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Andrew Nowicki wrote:
AN> The root words must be made in such a way that
An> it is clear where is the beginning and the end
AN of each root word.

"H. S. Teoh" wrote:
HST> Why?

This is the same problem as recognizing where
one word ends and another word begins. Novice
speakers of English are lost when they listen
to fast spoken English.

AN> The most important decision is how many
AN> root words you need.

HST> I'm not sure I understand the rationale
HST> behind this. I can see a reason behind
HST> limiting the number of root words used
HST> in common, everyday conversations (learn
HST> a small number of roots and you'll
HST> understand most of what people say). But
HST> putting an upper limit on root words in
HST> the entire language seems to me something
HST> that will only hamper the language's
HST> development and ultimately, acceptance.
HST> People who have mastered the basics will
HST> say, "why can't I coin new roots? It's too
HST> repetitive to keep using these long words!"

We agree that consonant clusters are not
desirable. Consider a language that has
only two letters long root words. There
are only two options: vowel-consonant (VC)
or consonant-vowel (CV).

Three letters long root words must be either
CVV or VVC. CVC will result in consonant
clusters. VCV has lots of vowels, but few
consonants. It sounds nice, but there are few
vowels in any alphabet, so the total number
of VCV root words is much smaller than the
total number of CVC root words. Another problem
with VCV and CVC is that they may be confused
with two letters long root words -- you would
not know where the root words begin and end.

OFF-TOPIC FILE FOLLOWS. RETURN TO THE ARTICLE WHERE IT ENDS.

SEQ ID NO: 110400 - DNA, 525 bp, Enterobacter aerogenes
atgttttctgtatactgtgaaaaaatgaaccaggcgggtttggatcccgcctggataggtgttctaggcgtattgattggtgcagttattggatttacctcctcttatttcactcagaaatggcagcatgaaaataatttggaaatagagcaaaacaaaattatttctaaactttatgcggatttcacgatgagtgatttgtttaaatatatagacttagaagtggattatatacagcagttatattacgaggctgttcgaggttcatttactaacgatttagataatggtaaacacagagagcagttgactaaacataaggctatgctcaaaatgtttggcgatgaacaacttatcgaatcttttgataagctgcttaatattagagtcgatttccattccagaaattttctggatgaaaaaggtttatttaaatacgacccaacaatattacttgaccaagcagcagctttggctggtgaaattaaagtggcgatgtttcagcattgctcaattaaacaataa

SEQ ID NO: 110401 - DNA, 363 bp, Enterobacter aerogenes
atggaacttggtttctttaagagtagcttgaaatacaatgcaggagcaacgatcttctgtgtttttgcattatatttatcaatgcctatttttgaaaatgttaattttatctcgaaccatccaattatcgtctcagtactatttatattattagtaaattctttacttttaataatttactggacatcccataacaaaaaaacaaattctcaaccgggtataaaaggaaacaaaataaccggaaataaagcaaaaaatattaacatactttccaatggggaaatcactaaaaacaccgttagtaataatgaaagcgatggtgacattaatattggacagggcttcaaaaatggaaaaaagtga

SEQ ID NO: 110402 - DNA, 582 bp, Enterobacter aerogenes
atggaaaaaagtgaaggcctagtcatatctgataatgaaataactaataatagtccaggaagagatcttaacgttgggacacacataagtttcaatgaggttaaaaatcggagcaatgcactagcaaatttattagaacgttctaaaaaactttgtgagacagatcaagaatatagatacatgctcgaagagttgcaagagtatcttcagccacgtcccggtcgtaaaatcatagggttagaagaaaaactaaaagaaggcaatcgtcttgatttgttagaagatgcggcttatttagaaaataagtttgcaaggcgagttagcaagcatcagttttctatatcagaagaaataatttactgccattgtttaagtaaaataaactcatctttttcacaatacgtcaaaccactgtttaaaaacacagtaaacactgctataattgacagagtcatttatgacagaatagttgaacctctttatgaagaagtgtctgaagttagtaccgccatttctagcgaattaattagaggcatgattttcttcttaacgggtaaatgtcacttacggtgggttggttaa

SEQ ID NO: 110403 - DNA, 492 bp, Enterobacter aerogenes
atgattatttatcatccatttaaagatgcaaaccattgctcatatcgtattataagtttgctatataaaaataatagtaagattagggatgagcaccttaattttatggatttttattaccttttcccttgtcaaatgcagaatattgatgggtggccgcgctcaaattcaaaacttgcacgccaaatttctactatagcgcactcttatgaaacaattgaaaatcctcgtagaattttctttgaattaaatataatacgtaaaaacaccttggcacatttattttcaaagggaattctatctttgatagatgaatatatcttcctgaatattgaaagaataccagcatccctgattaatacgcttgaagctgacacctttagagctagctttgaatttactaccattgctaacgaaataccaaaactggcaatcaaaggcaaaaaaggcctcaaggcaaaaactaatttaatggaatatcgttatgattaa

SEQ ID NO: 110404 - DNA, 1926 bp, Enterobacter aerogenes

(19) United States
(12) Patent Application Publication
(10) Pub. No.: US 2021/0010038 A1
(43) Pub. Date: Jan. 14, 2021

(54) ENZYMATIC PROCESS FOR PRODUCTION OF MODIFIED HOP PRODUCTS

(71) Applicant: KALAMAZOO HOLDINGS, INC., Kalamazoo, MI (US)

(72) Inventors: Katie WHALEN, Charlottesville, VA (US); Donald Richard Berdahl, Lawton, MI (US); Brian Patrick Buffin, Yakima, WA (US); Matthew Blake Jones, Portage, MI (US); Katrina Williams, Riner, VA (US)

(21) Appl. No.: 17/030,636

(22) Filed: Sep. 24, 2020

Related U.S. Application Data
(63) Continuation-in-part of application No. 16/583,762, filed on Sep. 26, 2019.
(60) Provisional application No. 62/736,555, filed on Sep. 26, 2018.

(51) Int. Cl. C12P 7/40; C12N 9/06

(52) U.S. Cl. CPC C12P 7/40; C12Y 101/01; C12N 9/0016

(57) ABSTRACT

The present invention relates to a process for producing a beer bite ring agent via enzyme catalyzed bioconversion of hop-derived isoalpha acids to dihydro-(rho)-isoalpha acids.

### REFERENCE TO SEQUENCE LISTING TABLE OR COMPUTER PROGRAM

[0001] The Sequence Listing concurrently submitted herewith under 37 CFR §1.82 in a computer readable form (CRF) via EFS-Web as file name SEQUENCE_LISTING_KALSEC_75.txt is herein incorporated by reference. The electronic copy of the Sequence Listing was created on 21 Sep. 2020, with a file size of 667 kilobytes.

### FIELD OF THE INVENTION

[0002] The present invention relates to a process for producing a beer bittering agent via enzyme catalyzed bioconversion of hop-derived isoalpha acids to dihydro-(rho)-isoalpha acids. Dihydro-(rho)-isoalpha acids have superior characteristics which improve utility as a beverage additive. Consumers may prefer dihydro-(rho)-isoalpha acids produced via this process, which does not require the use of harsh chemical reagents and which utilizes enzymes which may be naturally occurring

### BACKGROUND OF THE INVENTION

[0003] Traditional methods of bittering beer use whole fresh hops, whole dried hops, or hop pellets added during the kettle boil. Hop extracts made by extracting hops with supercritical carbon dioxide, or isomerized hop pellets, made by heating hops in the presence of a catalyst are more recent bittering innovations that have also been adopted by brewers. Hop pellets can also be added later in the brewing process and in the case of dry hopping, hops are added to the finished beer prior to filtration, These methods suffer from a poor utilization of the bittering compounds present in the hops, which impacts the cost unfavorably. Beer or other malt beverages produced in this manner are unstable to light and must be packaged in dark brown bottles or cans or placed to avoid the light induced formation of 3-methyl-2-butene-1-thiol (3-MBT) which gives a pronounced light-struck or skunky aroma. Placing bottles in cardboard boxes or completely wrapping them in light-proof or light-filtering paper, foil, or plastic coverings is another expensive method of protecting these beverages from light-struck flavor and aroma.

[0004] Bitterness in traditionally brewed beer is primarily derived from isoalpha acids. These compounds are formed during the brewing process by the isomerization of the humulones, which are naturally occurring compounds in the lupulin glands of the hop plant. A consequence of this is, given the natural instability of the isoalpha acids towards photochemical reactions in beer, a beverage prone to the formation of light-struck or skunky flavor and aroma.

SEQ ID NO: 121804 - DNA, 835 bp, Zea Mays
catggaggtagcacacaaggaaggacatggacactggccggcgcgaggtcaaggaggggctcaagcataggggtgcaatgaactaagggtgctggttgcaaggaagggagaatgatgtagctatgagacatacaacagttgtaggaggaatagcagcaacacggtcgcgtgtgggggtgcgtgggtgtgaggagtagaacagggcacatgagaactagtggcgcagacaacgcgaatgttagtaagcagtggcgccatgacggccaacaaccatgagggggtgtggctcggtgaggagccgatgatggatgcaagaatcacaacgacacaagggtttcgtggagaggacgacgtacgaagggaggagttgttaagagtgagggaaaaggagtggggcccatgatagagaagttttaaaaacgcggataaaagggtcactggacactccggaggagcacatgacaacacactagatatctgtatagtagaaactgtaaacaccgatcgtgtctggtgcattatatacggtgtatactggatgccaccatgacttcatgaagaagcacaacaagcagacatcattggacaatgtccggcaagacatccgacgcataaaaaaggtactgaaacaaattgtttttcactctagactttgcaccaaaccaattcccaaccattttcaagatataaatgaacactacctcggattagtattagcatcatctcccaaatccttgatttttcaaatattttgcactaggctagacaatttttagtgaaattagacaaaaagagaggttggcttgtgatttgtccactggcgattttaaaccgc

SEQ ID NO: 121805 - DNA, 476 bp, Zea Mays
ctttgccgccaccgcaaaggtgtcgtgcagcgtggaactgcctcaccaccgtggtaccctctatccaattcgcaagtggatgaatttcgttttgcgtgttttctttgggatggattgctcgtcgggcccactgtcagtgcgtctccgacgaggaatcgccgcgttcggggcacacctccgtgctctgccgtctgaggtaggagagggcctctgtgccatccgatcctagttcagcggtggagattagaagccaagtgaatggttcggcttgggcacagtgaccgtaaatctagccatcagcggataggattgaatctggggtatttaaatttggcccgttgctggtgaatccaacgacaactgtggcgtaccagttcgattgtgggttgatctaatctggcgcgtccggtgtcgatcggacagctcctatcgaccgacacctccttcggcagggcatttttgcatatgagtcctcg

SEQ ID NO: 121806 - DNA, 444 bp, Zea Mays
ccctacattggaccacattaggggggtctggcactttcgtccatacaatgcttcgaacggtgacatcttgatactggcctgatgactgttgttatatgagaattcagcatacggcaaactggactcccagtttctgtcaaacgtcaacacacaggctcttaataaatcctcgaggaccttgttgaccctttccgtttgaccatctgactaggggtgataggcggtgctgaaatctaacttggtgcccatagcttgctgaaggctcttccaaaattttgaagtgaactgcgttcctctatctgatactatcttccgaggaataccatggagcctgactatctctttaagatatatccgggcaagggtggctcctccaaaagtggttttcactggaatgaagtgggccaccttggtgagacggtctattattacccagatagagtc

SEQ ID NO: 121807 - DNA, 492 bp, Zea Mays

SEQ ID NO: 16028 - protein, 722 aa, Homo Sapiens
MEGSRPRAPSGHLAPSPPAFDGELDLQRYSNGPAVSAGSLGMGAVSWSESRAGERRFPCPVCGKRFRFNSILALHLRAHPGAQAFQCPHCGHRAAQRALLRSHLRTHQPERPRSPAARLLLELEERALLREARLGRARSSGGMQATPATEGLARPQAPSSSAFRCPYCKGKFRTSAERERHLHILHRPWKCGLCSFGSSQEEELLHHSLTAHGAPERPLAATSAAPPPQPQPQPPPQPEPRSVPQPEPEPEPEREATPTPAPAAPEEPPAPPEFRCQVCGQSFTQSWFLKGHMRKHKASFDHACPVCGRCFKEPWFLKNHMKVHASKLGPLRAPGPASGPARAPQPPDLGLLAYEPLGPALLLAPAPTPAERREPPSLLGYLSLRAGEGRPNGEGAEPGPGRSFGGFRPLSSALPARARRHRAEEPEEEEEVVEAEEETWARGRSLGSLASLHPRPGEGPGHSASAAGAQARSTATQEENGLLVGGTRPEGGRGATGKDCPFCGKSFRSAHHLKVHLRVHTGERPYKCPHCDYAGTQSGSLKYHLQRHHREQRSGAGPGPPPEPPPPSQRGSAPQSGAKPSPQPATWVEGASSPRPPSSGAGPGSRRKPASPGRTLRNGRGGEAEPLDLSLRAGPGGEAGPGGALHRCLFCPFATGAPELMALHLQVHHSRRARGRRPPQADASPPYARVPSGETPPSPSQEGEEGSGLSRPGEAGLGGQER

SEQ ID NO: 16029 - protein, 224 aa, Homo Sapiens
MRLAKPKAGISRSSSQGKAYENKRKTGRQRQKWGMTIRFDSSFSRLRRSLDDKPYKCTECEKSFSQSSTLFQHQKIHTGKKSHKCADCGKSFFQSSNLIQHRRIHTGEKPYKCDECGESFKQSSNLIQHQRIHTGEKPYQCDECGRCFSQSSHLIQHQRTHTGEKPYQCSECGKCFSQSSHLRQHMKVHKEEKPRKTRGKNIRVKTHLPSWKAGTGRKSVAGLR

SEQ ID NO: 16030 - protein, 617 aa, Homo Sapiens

For that reason CVC and VCV root words must
not be mixed with CV and VC root words.

VC and VCC roots can be used in the same
word. The same is true of CV and CVV roots.
At present Ygyde uses only CV roots but it
can be extended with CVV roots. The total
number of CV and CVV roots is on the order
of one thousand. What do you do when you
need more roots? You are in big trouble.
You cannot mix CV and CVCV roots because
nobody will know if CVCV is one root or two
roots. CVVV sounds pathetic to me. It is
the end of the rope!

HST> So back to languages... I'm not saying
HST> you have to invent an entire culture for
HST> Ygyde -- but just an underlying philosophy,
HST> or a motto, or something, that is reflected
HST> in the more difficult parts of the language.
HST> Then you don't *need* artificial restrictions
HST> like the number of root words, etc.. Languages
HST> do, and *will*, change. Even artificial
HST> languages will change -- people always adapt
HST> language to their own cultural context.
HST> You cannot control a language by enforcing
HST> grammatical or lexical rules. just look at
HST> how futile the efforts of language reformers
HST> are. In spite of efforts to "fix" so-called
HST> incorrect pronunciation of English (esp. in
HST> places where English is not a native language),
HST> Malay, etc., people still continue to
HST> "mispronounce" them. You can reform the
HST> language of one generation, but the children
HST> will inevitably change it to their own
HST> tastes, and there's nothing you can do to
HST> stop them. But you *can* guide a language
HST> with an underlying philosophy, or motto,
HST> which people can pick up very quickly while
HST> learning the language.

It is easy to change pronunciation and add more
root words, but it seems impossible to change the
meaning of existing root words or to change Ygyde's
prefix table. Well, we could easily include longer
compound words in the prefix table, but other changes
of the prefix table would require increasing the
number of vowels from 6 to 9. The prefix table *is*
the philosophy of Ygyde. Those who make the compound
words may invent taxonomical rules, but as you have
pointed out, these rules result in very similar
names of vegetables.